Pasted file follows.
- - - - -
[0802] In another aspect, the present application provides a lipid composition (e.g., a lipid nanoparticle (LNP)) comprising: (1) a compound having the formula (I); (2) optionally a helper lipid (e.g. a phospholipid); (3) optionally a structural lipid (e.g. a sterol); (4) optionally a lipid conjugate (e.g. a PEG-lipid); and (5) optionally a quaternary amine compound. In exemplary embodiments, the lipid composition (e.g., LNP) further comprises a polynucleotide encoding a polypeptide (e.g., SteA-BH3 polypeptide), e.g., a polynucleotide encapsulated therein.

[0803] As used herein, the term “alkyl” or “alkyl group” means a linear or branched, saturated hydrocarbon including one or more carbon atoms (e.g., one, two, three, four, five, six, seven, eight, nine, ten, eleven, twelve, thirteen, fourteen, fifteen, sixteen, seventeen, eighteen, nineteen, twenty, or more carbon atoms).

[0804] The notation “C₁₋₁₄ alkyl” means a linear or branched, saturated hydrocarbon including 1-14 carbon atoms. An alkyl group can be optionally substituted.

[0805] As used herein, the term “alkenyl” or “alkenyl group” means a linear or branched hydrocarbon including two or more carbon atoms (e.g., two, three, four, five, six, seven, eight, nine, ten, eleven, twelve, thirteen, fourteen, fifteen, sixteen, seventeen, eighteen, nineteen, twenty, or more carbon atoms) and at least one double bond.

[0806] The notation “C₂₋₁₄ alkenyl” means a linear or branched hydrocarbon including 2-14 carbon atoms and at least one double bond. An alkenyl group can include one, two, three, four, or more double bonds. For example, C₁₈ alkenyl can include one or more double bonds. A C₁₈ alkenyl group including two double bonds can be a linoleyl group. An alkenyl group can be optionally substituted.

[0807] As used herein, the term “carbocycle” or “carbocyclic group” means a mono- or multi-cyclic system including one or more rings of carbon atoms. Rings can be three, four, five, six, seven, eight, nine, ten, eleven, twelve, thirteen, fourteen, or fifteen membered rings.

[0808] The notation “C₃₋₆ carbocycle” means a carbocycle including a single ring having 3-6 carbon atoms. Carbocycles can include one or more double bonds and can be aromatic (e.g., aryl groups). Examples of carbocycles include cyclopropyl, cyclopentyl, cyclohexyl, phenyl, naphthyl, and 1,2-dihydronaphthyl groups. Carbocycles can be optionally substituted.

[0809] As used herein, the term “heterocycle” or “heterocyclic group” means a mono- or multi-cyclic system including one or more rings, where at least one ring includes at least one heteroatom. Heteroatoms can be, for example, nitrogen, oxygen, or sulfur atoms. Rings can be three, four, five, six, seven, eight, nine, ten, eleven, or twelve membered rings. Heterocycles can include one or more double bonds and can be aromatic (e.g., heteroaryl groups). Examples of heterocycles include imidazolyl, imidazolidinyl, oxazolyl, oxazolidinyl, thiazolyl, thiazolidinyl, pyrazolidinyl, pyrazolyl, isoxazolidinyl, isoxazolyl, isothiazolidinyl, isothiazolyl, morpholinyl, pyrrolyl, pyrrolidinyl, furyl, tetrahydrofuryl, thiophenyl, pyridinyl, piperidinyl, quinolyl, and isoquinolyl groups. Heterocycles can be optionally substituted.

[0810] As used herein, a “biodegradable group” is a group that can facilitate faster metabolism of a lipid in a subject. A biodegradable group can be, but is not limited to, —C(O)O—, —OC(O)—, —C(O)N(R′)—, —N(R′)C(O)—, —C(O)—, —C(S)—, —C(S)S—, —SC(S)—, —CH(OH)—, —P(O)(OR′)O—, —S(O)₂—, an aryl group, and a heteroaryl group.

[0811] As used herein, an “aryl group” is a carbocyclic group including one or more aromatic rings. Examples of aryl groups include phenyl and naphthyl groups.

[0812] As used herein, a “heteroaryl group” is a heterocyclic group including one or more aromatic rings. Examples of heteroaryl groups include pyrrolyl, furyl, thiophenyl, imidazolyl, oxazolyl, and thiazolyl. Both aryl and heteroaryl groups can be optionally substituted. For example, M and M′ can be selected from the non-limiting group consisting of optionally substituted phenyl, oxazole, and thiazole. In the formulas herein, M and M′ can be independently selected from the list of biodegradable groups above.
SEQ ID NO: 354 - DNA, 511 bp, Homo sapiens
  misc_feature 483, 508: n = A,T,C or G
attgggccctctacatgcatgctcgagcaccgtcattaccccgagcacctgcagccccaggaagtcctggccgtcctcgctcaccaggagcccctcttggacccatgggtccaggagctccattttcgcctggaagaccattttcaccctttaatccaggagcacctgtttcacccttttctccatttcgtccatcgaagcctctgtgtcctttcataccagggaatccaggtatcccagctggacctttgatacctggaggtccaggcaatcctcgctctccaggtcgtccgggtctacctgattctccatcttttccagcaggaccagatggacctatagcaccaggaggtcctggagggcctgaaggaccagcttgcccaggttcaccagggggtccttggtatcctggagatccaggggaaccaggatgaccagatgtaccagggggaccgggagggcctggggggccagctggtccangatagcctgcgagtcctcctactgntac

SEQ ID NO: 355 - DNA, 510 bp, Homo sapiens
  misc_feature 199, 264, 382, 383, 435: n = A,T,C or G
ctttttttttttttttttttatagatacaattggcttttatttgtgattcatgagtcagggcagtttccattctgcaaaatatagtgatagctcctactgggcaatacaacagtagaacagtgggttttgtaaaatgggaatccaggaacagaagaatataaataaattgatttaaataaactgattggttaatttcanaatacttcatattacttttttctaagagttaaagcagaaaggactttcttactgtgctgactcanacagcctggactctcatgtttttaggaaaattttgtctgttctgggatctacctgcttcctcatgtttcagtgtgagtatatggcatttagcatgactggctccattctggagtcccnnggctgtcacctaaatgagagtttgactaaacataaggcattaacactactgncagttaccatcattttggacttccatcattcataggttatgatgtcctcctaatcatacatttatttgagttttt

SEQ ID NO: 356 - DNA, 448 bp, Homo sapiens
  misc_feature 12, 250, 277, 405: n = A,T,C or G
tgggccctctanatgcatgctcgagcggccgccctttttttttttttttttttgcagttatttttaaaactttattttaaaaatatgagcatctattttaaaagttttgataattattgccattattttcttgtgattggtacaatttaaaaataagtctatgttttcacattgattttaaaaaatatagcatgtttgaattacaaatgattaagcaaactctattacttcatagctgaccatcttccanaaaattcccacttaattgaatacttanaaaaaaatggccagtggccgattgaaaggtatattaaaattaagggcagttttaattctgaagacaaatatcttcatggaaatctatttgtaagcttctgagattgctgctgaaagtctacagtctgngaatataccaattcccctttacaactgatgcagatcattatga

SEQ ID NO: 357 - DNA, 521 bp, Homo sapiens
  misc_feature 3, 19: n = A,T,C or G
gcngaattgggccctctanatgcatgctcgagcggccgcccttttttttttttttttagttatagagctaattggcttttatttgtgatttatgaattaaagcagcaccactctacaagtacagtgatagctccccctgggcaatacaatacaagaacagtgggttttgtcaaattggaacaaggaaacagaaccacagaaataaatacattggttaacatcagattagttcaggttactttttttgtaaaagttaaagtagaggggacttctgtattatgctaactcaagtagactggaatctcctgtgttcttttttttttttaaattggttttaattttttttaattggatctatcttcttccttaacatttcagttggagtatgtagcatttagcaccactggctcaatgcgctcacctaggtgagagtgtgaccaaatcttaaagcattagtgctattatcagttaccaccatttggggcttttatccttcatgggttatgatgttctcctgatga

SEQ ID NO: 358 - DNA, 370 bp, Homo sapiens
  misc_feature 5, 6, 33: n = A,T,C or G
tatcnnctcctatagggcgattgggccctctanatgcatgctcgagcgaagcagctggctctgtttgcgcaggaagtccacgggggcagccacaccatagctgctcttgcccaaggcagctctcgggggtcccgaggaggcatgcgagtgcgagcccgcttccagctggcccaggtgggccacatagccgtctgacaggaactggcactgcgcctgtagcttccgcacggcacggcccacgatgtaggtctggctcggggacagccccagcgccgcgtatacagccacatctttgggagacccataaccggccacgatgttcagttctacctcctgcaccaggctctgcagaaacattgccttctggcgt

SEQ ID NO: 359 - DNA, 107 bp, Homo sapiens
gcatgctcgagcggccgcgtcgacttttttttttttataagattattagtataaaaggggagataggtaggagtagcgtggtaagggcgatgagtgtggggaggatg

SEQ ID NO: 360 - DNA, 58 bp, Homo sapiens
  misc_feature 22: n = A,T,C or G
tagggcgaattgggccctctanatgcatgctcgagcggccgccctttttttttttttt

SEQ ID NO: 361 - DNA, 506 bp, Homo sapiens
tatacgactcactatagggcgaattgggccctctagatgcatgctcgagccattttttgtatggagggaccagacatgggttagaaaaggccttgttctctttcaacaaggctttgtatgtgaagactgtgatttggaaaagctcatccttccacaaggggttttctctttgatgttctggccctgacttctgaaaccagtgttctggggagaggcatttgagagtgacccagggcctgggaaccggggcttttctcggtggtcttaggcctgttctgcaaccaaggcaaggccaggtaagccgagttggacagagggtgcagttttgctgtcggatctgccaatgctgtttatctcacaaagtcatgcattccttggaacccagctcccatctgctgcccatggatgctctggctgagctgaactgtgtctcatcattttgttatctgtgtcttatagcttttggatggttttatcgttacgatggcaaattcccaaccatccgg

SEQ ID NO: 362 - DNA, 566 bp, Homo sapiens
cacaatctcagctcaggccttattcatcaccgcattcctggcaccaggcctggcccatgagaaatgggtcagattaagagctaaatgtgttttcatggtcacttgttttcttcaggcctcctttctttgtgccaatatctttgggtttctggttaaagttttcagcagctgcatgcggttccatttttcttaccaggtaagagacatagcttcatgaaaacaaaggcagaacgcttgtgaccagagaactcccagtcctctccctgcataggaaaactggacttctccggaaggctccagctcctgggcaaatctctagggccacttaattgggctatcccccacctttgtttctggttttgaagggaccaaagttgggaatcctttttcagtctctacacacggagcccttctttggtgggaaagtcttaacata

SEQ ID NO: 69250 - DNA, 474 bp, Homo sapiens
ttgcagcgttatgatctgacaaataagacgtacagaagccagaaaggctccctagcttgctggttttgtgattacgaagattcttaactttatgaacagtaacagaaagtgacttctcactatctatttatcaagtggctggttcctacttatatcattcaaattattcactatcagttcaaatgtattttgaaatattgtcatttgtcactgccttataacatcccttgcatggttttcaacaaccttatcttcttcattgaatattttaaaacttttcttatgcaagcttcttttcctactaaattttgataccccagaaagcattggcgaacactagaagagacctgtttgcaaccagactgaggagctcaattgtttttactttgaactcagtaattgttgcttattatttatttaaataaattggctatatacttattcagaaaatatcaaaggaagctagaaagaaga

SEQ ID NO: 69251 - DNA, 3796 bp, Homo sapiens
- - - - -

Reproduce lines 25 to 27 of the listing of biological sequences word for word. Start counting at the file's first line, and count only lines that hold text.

  misc_feature 5, 6, 33: n = A,T,C or G
tatcnnctcctatagggcgattgggccctctanatgcatgctcgagcgaagcagctggctctgtttgcgcaggaagtccacgggggcagccacaccatagctgctcttgcccaaggcagctctcgggggtcccgaggaggcatgcgagtgcgagcccgcttccagctggcccaggtgggccacatagccgtctgacaggaactggcactgcgcctgtagcttccgcacggcacggcccacgatgtaggtctggctcggggacagccccagcgccgcgtatacagccacatctttgggagacccataaccggccacgatgttcagttctacctcctgcaccaggctctgcagaaacattgccttctggcgt

SEQ ID NO: 359 - DNA, 107 bp, Homo sapiens